With Thanksgiving just around the corner, we can all take a step back and reflect on what an amazing school Penn is, even if there’s room for improvement every now and then.
Kindness at Penn shouldn’t just be reserved for one week; it should be just as integral to our identities as our competitive spirits.
Maybe losing our otherwise well-defined sense of kindness is just a part of growing up.
We must come together in times to support one another when no one wants to recognize us and make sure that our various cultural communities are valued on campus.
Asking students to decide what courses they are taking so early perpetuates a rather stressful pressure of outlining the exact trajectory of one’s academic progress — something that not everyone necessarily knows.
Despite the increase in popular support for tariffs and protectionism, encouraging trade remains the best framework for US foreign economic policy.
Our trade deals are ubiquitously outdated, hardly touching big data or any real form of data sharing, failing to adapt to the constantly technologically changing marketplace.
We encourage everyone around us to practice self-care, and then turn around and talk loudly about how we barely get any sleep because we were scrolling through Reddit for hours.
College is only a small part of our lives, and the lifelong friends we do make don’t have to come from these fleeting four years.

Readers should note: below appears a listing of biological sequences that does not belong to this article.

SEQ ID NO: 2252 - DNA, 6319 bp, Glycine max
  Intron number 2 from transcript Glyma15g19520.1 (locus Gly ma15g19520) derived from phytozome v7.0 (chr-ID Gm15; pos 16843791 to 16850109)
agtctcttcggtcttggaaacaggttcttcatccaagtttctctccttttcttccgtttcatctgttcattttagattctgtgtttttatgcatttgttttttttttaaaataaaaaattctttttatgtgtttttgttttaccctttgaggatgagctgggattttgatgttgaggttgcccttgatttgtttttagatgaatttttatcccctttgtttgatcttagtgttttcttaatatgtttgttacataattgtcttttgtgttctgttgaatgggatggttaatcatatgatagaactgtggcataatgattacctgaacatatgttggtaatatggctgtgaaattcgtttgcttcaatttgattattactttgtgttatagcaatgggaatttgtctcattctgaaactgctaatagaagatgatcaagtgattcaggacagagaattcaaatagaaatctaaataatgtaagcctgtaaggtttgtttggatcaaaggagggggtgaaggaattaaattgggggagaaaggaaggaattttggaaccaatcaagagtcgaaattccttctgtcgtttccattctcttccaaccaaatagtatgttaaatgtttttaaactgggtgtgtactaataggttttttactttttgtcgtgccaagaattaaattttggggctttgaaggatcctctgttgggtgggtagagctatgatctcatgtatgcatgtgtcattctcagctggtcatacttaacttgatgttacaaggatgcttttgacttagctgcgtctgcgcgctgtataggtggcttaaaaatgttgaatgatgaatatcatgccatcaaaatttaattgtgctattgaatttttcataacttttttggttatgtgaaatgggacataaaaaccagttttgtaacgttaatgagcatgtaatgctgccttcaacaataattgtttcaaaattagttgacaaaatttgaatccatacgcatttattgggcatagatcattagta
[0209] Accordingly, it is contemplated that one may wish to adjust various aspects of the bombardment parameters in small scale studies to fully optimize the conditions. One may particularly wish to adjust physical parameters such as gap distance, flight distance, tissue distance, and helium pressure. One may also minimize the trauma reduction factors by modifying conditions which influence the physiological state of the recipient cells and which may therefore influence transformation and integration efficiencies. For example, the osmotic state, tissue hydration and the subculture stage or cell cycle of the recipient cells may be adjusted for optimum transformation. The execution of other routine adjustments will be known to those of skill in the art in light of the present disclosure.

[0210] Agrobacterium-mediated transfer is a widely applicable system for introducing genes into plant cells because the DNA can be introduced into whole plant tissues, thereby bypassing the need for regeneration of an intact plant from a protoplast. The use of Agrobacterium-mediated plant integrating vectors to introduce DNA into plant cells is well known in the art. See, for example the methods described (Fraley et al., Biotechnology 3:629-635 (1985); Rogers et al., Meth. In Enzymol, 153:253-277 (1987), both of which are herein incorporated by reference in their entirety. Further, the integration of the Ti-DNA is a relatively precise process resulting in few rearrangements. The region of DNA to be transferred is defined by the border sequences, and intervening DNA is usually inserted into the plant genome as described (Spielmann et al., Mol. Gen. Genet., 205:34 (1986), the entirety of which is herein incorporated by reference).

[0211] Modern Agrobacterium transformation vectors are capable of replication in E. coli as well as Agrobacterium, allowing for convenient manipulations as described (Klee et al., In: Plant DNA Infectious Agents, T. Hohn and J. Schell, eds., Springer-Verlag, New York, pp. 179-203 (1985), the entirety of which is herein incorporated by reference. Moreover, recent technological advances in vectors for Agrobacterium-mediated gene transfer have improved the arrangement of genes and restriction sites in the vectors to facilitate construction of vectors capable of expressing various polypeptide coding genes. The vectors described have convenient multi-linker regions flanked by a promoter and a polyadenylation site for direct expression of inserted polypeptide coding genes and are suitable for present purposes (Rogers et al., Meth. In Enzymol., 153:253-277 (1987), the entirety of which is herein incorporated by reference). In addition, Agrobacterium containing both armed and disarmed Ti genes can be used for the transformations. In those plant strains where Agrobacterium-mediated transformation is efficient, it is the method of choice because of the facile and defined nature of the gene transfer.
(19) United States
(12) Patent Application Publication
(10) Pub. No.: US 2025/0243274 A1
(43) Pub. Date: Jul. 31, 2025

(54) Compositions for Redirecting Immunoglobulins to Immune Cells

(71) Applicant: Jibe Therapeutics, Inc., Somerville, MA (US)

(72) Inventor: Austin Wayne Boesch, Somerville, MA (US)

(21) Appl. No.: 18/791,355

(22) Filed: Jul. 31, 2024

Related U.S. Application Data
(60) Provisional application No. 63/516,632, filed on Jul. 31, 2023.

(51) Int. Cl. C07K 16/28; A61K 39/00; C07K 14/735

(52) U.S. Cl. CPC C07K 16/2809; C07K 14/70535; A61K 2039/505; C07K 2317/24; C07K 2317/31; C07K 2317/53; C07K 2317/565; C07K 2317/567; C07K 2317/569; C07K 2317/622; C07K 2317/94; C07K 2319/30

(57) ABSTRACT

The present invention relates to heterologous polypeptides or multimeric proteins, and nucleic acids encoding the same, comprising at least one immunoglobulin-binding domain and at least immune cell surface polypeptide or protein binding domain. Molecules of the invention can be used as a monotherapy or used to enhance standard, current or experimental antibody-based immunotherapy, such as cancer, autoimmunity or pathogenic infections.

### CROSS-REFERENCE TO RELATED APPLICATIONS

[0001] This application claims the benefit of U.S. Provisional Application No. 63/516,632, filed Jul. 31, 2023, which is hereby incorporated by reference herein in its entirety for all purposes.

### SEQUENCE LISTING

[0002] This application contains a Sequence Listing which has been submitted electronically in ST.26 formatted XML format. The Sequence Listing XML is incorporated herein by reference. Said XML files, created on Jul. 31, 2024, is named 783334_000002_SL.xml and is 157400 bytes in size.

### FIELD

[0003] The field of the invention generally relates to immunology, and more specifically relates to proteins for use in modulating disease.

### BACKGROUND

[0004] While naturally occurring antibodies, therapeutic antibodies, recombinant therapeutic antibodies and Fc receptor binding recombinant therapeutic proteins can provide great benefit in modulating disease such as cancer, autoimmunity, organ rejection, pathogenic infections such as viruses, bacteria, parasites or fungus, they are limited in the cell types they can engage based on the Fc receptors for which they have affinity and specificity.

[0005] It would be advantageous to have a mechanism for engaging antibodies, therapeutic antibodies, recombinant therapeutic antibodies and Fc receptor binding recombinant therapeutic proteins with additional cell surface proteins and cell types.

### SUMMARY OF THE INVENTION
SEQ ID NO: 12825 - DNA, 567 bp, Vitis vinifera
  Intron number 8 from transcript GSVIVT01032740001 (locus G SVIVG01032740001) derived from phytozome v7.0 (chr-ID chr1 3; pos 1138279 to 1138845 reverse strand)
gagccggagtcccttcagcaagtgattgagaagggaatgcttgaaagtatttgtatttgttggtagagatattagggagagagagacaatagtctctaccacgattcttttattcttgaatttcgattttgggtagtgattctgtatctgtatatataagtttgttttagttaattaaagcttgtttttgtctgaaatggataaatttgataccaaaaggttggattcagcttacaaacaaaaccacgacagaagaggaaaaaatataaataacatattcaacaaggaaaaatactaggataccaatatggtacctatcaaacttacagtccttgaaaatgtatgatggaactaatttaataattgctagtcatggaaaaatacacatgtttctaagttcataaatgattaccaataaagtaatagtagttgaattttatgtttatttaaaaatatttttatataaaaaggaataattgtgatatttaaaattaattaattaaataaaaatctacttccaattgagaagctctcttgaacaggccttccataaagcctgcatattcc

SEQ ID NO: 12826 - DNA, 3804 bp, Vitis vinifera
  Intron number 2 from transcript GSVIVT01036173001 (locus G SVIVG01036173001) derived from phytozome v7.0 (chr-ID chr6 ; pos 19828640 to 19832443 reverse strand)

Often, our activism is empty because the standards we set for ourselves and each other are extremely low.
In a time when there have been a large amount of pressing issues among students, the announcement of New College House West's construction comes as a distraction from the calls to action within the Penn community.
Perhaps we don’t need a Penn course to teach us how to spot fake news, but we do need to take individual responsibility in learning this valuable skill.
While it's important to ask the University for help, it's also necessary for us to take action as individuals that help alleviate the anxieties and pressures of college.
In general, how can student activist groups lobby Penn's administration effectively in order to promote change?
As diverse as Penn is, I feel safe in saying that the drive to succeed is one of the few qualities that unite us as a community.
From freshmen to upperclassmen, student club member to club president — we all have our own “spheres of influence," no matter their size.
When we lament our university’s pre-professional culture, it’s not because this culture makes us career-oriented but rather because it orients us towards certain careers.
What I’ve found is that the best way to escape the culture of busyness is to be by myself and enjoy it.
Not only have I made and bonded with friends over memes, but there’s a comfort in knowing you are not the only one going through a certain situation.
At the end of the day Penn students are here for their academics and the opportunities that Penn has to offer, therefore applying ED shouldn’t be reserved only for those who have had the luxury to visit campus.